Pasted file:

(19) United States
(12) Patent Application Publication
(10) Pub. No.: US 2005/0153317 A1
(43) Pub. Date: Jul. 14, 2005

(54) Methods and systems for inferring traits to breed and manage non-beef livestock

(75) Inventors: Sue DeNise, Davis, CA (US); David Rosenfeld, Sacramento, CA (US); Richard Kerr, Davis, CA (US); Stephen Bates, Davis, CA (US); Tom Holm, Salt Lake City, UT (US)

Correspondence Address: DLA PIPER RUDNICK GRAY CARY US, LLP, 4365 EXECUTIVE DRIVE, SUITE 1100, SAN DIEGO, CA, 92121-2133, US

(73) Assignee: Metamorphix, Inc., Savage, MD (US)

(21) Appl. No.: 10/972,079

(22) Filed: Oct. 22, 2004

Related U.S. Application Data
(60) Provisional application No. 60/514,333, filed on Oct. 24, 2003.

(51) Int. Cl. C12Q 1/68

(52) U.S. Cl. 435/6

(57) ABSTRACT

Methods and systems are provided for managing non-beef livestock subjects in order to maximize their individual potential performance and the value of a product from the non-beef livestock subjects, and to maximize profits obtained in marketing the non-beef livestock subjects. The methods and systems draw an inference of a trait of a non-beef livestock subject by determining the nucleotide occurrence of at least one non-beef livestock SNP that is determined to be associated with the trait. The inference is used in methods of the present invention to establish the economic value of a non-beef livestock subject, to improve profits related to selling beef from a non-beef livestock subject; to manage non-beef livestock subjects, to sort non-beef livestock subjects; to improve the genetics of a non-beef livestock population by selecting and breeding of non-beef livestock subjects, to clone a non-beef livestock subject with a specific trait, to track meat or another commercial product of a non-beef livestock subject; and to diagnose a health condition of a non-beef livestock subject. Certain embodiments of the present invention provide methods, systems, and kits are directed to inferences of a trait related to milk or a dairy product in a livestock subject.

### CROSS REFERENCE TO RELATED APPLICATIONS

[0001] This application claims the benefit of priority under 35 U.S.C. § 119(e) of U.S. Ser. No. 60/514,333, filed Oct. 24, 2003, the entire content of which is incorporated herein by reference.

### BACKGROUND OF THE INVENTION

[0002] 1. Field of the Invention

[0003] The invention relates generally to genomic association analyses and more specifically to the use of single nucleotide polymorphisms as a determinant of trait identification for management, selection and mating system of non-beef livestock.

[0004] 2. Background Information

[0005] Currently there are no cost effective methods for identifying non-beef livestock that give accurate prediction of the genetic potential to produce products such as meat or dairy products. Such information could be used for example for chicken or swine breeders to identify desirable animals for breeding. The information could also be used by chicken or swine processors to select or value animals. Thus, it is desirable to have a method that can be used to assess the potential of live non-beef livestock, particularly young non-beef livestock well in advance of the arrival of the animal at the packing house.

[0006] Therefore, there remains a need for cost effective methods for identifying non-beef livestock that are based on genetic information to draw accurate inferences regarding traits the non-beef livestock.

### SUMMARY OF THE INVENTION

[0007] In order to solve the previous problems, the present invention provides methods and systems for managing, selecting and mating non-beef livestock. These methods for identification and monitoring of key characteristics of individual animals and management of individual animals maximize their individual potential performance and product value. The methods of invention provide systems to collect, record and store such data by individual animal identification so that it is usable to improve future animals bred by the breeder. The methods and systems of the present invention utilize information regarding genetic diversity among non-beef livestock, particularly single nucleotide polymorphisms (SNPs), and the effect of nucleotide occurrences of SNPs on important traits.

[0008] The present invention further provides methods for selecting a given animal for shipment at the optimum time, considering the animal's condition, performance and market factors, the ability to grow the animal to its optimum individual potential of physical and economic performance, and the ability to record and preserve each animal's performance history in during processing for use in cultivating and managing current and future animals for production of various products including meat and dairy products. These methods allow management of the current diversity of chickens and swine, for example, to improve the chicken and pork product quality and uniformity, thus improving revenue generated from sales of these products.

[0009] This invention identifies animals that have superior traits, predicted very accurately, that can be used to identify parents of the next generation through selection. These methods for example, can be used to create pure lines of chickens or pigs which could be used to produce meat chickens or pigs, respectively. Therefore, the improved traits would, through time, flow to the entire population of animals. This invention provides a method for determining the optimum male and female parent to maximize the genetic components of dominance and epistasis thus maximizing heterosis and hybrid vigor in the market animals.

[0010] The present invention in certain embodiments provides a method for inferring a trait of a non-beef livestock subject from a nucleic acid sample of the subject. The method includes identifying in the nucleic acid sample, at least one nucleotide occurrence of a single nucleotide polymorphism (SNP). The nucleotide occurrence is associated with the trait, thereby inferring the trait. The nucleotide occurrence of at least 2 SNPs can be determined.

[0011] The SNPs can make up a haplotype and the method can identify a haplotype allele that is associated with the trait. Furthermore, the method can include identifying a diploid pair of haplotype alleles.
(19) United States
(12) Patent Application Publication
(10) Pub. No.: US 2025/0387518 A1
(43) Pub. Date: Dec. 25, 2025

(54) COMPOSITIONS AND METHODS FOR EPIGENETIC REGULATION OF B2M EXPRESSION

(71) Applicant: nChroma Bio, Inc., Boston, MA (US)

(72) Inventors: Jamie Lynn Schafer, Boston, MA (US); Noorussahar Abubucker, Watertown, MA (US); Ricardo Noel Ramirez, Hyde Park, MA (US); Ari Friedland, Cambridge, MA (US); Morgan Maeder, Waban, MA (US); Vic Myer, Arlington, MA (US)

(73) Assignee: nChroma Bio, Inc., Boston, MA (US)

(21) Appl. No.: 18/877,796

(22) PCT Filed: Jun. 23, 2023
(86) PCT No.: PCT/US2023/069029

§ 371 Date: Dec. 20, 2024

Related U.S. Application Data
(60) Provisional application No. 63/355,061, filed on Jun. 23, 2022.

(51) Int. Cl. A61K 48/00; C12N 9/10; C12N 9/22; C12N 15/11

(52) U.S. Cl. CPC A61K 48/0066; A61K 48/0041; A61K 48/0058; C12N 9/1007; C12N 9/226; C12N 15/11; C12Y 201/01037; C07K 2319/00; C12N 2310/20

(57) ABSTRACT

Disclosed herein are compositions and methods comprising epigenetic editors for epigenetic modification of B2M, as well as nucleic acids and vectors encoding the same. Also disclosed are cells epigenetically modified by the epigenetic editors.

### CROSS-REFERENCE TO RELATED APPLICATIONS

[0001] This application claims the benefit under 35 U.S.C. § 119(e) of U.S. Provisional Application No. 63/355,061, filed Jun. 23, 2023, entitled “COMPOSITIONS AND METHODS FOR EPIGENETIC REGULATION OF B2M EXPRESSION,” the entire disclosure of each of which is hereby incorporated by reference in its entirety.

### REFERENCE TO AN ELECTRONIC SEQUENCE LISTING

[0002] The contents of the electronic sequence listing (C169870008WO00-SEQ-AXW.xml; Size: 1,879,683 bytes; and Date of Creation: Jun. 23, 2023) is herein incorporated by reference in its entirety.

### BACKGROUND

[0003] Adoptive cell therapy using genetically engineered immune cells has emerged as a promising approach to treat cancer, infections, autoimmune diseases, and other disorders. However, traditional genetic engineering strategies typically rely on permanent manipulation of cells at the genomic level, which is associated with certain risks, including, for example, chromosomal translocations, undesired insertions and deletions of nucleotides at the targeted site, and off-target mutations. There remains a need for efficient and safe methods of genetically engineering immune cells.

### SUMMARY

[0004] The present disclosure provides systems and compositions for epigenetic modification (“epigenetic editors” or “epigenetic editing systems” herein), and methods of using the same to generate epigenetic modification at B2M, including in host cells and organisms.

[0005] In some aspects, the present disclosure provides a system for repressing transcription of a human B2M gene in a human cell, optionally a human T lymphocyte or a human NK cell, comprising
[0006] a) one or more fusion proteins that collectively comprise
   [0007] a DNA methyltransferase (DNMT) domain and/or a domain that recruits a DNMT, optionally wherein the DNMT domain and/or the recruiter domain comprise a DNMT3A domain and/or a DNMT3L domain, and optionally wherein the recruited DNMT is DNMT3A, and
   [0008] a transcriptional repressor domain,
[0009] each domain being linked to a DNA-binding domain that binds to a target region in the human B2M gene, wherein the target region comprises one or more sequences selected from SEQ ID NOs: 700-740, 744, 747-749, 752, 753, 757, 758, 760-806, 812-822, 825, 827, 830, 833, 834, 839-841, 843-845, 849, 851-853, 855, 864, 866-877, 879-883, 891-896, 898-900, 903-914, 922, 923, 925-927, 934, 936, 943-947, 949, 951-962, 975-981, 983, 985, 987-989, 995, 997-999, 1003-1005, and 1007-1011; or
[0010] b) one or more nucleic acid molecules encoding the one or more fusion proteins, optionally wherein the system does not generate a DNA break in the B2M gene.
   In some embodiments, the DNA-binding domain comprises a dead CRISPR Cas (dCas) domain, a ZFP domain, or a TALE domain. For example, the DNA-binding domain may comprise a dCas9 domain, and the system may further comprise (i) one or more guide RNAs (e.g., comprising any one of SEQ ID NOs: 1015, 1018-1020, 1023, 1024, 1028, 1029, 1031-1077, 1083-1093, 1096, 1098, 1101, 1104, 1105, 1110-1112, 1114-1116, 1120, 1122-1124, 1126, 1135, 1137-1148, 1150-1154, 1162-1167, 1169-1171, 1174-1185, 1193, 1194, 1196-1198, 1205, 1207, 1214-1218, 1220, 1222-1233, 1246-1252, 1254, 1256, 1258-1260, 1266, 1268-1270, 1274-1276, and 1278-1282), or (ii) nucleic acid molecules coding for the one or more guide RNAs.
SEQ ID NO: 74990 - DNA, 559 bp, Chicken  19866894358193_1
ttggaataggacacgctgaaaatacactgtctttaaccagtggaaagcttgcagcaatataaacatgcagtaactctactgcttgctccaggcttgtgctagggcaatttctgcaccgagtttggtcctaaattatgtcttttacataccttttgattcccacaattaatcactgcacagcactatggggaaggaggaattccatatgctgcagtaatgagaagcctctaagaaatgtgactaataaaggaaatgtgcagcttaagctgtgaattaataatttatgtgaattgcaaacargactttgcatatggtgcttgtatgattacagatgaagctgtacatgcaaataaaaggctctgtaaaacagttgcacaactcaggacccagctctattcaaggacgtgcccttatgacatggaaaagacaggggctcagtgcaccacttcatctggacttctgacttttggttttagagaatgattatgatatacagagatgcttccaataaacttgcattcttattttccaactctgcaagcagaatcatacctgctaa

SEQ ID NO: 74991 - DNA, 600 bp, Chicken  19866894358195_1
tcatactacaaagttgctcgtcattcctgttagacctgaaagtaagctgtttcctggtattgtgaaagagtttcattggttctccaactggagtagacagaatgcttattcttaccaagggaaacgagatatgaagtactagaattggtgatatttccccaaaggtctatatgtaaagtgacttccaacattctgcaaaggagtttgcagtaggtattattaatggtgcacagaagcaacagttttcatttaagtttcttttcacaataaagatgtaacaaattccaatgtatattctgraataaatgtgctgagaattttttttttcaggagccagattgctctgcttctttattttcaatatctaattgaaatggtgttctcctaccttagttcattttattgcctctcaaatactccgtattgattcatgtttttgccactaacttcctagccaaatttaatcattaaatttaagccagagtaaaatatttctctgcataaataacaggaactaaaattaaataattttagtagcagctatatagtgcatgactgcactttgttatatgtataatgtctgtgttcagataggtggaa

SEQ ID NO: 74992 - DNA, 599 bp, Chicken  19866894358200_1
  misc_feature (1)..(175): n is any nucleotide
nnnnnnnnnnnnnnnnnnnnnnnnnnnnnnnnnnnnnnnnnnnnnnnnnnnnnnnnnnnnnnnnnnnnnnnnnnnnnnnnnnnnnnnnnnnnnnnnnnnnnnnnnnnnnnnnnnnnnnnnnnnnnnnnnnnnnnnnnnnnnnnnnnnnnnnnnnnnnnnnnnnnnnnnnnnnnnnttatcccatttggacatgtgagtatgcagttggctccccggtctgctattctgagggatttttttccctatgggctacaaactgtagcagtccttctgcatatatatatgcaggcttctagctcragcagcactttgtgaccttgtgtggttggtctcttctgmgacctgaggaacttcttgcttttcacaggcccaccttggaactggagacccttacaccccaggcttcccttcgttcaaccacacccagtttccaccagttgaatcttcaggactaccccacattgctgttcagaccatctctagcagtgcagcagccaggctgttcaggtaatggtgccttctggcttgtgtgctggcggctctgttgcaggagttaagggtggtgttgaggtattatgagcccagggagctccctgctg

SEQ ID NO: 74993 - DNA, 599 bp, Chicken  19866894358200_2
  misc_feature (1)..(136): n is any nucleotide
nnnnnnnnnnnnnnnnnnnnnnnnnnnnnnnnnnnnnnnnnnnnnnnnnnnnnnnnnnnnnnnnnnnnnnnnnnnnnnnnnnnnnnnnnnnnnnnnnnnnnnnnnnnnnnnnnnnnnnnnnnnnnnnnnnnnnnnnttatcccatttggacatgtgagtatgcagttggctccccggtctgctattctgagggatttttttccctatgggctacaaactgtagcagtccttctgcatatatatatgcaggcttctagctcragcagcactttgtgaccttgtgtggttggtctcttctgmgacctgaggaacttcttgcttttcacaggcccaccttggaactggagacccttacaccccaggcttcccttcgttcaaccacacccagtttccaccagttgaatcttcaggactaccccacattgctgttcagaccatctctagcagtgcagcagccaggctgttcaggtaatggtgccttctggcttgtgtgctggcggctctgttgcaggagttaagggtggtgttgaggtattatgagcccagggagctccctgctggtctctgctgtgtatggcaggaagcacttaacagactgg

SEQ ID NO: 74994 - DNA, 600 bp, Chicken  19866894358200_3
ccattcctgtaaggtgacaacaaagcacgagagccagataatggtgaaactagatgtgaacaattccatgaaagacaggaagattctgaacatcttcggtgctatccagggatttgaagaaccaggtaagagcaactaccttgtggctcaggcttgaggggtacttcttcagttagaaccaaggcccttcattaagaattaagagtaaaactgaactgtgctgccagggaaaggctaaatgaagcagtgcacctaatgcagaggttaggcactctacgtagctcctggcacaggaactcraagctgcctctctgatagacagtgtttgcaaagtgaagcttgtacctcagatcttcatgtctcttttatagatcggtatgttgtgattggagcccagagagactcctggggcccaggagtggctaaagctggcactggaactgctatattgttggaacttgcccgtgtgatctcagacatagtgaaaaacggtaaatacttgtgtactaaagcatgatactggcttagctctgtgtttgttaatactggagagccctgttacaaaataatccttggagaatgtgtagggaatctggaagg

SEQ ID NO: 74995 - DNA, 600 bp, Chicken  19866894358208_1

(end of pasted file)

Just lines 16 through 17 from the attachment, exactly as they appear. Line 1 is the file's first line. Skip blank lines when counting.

Methods and systems are provided for managing non-beef livestock subjects in order to maximize their individual potential performance and the value of a product from the non-beef livestock subjects, and to maximize profits obtained in marketing the non-beef livestock subjects. The methods and systems draw an inference of a trait of a non-beef livestock subject by determining the nucleotide occurrence of at least one non-beef livestock SNP that is determined to be associated with the trait. The inference is used in methods of the present invention to establish the economic value of a non-beef livestock subject, to improve profits related to selling beef from a non-beef livestock subject; to manage non-beef livestock subjects, to sort non-beef livestock subjects; to improve the genetics of a non-beef livestock population by selecting and breeding of non-beef livestock subjects, to clone a non-beef livestock subject with a specific trait, to track meat or another commercial product of a non-beef livestock subject; and to diagnose a health condition of a non-beef livestock subject. Certain embodiments of the present invention provide methods, systems, and kits are directed to inferences of a trait related to milk or a dairy product in a livestock subject.

### CROSS REFERENCE TO RELATED APPLICATIONS